A couple of interactions with customers recently sent me down the path of designing better whitelisting options around well known services that generate a lot of benign traffic. A lot of customers have gone down the path of Office365, Windows 10 and Chrome/Firefox as standard software in the Enterprise. As a result, the traffic that NetWitness captures would include a lot of data for these services so enabling the ability to filter this data when needed is important.
The end result of this effort is 3 parsers that allow the filtering of Office365 traffic, Windows 10 Endpoint/Telemetry and Generic filtering (Chrome/ Firefox etc.) in the NetWitness plaform.
The data for filtering (metvalues) is written by default in the Filter key and looks like this
With these metavalues, analysts are able to select and deselect meta for these services to reduce the benign signals for these services from investigations and charting to focus more on the outliers.
filters all data tagged as whitelist from the view
filters all traffic that is related to windows 10 Connection endpoints (telemetry etc.) captured from these sites
filters traffic from this endpoint related to all Office365 endpoints
filters traffic related to generic endpoints including Chome updates from gvt1.com and gtvt2.com as well as other misc endpoints related to windows telemetry (V8/V7 etc and others)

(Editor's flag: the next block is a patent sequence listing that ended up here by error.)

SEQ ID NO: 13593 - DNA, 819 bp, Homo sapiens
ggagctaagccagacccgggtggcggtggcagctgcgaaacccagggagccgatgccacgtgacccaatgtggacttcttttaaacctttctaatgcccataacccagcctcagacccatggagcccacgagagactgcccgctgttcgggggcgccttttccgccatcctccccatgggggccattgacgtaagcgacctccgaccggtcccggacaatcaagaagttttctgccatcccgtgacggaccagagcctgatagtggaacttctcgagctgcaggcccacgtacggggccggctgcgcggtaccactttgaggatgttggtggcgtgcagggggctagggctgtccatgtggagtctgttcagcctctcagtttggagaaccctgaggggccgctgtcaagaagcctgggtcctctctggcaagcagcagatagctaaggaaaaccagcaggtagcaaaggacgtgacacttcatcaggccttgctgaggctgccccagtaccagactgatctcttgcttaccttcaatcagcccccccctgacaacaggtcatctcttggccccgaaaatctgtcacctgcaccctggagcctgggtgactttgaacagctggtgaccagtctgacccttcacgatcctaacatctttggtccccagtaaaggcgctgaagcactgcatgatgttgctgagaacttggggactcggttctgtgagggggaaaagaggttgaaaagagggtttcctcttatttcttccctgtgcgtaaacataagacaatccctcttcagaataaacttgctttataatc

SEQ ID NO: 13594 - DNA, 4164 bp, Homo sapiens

Automating the Parsers
To take this one step further, to make the process of creating the lua parsers easier a script was written for Office365 and Window10 to automate the process of pulling the content down, altering the data, creating a parser with the content and outputting the parser ready to be used on log and packet decoders to flag traffic.
Hopefully this can be rolled into a regular content pipeline to update the parsers periodically to get the latest endpoints as they are added (for instance when a new Windows 10 build comes out there will be an update to the endpoints most likely).
Scripts, lua parsers and descriptions are listed here and will get updated as issues pop up.
For each parser that has an update mechanism the python script can be run to generate the data that outputs a new parser for use in NetWitness (and the parser version is updated to the time the parser is built to let you know in the UI what the version is).
These parsers also serve as proof of concepts for other ideas that might need both exact and substring matches for say hostnames, or other threat data.
Currently the parsers read from hostname related keys such as alias.host, fqdn, host.src, host.dst.
As always, this is POC code to validate ideas and potential solutions. Deploy code and test/watch for side effects such as blizzards, sandstorms, core dumps and other natural events.
There will also be a post shortly about using resourceBundles to generate a single zip file with this content to make uploading and management of this data easier.